In 1994, I was working in the Scientific Computing department at Sandia National Laboratories in Livermore, California. We had an impressive (for the time) array of heterogeneous computing equipment: workstations from Silicon Graphics and Sun Microsystems, Intel PCs running Linux, Macintoshes galore. I was writing software agents that managed dynamically distributed computations across this network. Agents were running on each machine, and they used a sort of “post and bid” method to decide which machines would run which piece of a computation, based on machine capabilities and load balancing. The agents were fairly intelligent in their decision-making capabilities, and the plans they developed were sometimes surprising. Their “brains” were rule engines—software systems that used rules to derive conclusions from premises.
That project led to others, and soon I developed an interest in mobile agents—software entities that can travel from node to node in a computer network, maintaining their state as they go. Thus was born the idea for a rule engine whose state could be packaged up, sent across a wire, and reconstituted. The newly released Java language seemed to be a perfect vehicle for this rule engine—and such was the origin of Jess™, the rule engine for the Java Platform.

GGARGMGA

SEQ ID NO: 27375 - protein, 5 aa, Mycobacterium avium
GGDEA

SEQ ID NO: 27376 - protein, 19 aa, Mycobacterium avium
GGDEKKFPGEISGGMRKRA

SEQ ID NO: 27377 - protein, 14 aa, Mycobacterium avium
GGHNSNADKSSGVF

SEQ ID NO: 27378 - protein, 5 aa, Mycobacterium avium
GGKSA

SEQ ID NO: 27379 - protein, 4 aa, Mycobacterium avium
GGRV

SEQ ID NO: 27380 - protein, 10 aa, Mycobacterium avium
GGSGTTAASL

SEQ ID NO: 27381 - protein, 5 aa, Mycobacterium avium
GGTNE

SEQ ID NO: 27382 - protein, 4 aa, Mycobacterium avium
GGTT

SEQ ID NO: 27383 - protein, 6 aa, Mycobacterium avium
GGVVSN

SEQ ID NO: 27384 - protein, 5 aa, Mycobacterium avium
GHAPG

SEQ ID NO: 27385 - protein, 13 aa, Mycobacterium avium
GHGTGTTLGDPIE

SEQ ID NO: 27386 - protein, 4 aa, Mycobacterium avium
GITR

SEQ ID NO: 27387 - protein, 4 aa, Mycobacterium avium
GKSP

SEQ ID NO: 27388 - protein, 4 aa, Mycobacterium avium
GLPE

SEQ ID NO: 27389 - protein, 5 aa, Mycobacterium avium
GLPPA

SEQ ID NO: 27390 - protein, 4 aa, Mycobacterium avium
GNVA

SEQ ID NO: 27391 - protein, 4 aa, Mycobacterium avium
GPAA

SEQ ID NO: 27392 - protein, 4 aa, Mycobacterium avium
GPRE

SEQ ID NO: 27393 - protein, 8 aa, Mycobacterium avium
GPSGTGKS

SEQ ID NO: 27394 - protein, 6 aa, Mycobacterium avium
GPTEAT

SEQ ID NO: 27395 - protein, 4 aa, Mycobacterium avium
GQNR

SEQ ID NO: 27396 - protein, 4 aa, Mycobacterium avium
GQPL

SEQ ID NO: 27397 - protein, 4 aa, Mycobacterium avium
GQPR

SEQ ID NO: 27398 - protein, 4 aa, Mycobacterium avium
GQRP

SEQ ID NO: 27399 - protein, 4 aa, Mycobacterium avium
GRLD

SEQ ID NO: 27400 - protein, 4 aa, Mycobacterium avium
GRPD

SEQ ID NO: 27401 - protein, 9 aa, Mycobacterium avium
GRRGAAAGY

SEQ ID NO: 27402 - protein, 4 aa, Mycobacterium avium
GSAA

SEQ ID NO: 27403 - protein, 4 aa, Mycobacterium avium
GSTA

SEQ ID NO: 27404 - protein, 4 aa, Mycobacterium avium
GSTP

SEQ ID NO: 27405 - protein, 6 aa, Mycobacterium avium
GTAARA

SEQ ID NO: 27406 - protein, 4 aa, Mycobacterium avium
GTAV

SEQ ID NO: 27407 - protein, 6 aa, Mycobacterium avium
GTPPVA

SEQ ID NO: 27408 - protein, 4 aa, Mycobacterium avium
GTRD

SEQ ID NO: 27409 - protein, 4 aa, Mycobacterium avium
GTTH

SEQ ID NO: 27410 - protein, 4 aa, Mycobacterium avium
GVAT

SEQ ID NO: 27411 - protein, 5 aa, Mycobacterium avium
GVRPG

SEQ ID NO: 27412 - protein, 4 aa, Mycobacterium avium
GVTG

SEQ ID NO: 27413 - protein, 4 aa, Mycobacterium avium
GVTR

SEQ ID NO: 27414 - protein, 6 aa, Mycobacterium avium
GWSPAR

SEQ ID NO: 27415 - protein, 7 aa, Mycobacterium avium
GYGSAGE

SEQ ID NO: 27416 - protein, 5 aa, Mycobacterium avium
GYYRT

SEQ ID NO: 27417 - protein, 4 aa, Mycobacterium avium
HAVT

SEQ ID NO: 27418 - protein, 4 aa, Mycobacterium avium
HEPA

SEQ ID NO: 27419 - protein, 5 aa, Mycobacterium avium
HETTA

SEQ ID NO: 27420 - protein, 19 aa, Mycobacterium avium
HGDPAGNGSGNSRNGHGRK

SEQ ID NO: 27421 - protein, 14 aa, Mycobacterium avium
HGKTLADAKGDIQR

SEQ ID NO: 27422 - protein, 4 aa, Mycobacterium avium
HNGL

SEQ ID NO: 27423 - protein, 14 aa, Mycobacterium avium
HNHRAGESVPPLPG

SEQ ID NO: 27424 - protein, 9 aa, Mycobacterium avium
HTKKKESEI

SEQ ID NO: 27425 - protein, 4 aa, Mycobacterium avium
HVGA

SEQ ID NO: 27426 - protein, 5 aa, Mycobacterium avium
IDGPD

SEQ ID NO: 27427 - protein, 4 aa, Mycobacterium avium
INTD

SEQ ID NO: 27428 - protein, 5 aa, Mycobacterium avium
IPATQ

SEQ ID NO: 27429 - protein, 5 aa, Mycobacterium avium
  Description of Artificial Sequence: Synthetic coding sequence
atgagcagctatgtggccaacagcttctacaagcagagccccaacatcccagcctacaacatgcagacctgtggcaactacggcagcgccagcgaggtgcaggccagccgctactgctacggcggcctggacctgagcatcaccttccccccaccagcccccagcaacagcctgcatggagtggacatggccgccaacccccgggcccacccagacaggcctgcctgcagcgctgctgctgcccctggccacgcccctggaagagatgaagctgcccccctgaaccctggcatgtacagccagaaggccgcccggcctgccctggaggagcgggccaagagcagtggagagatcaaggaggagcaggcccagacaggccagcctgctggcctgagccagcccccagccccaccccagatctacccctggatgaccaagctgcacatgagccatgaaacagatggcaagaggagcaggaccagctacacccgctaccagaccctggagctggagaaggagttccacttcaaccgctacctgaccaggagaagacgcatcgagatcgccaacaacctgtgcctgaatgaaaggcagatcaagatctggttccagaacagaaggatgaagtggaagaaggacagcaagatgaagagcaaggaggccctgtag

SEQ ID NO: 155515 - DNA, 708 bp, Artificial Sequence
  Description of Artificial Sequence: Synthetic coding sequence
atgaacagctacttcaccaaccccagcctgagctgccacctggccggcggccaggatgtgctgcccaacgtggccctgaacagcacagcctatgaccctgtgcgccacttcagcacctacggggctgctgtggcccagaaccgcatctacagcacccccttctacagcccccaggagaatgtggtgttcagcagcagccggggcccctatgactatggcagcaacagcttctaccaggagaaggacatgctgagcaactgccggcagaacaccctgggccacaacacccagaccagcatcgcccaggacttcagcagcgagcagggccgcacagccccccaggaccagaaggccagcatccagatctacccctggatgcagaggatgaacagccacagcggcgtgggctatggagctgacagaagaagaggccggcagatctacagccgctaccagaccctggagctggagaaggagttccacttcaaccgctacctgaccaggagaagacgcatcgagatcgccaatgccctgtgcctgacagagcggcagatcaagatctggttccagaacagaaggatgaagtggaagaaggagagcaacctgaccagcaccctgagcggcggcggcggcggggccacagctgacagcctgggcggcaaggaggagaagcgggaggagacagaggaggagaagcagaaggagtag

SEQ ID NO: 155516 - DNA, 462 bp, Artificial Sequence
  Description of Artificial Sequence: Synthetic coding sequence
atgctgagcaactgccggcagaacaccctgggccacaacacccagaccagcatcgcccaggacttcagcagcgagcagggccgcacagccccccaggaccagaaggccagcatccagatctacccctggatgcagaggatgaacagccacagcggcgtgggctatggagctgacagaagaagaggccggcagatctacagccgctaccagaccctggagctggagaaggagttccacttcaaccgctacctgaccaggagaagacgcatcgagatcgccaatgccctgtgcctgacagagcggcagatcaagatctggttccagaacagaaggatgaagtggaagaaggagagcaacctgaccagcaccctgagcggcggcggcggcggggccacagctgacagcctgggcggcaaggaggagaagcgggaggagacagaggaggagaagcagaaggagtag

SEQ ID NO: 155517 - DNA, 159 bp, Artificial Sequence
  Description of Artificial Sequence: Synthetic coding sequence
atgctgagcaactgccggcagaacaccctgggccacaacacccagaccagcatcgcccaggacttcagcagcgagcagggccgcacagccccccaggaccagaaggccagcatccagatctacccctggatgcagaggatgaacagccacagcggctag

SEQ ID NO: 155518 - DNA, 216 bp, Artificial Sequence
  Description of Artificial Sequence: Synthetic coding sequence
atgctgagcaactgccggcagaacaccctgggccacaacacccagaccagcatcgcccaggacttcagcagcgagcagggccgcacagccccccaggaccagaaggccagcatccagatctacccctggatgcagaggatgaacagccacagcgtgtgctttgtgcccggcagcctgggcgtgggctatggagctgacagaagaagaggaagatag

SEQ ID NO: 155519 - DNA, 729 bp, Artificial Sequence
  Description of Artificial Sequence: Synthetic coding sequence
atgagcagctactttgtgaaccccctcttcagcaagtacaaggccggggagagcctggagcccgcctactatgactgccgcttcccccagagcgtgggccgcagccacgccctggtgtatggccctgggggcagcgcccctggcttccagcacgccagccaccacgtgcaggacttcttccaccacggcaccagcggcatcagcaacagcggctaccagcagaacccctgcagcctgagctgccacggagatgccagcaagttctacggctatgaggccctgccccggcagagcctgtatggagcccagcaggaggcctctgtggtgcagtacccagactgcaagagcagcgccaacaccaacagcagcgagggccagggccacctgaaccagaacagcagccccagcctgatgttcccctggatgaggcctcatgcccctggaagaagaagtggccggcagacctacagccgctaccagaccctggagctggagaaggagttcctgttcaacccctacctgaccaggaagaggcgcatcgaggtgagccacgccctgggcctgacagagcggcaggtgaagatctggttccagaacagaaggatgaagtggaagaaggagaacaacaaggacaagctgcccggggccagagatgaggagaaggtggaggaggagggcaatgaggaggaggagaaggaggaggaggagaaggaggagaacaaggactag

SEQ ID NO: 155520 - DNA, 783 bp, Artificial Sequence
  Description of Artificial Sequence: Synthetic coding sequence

1 Jess is a registered trademark of the Sandia Corporation.
Jess is a general-purpose rule engine, developed at Sandia National Laboratories. Written in the Java programming language, Jess offers easy integration with other Java-based software. Jess is free for academic and government use, and it can be licensed for commercial use. You can download a fully functional Home Edition of Jess free of charge if you own a copy of this book (see chapter 3 for download instructions). You can use the Jess Home Edition for noncommercial purposes.
Jess has evolved quite a bit since its original introduction in 1997, largely in response to feedback from a global user community. I’ve enjoyed working on Jess the whole time, and look forward to its continuing evolution in the future.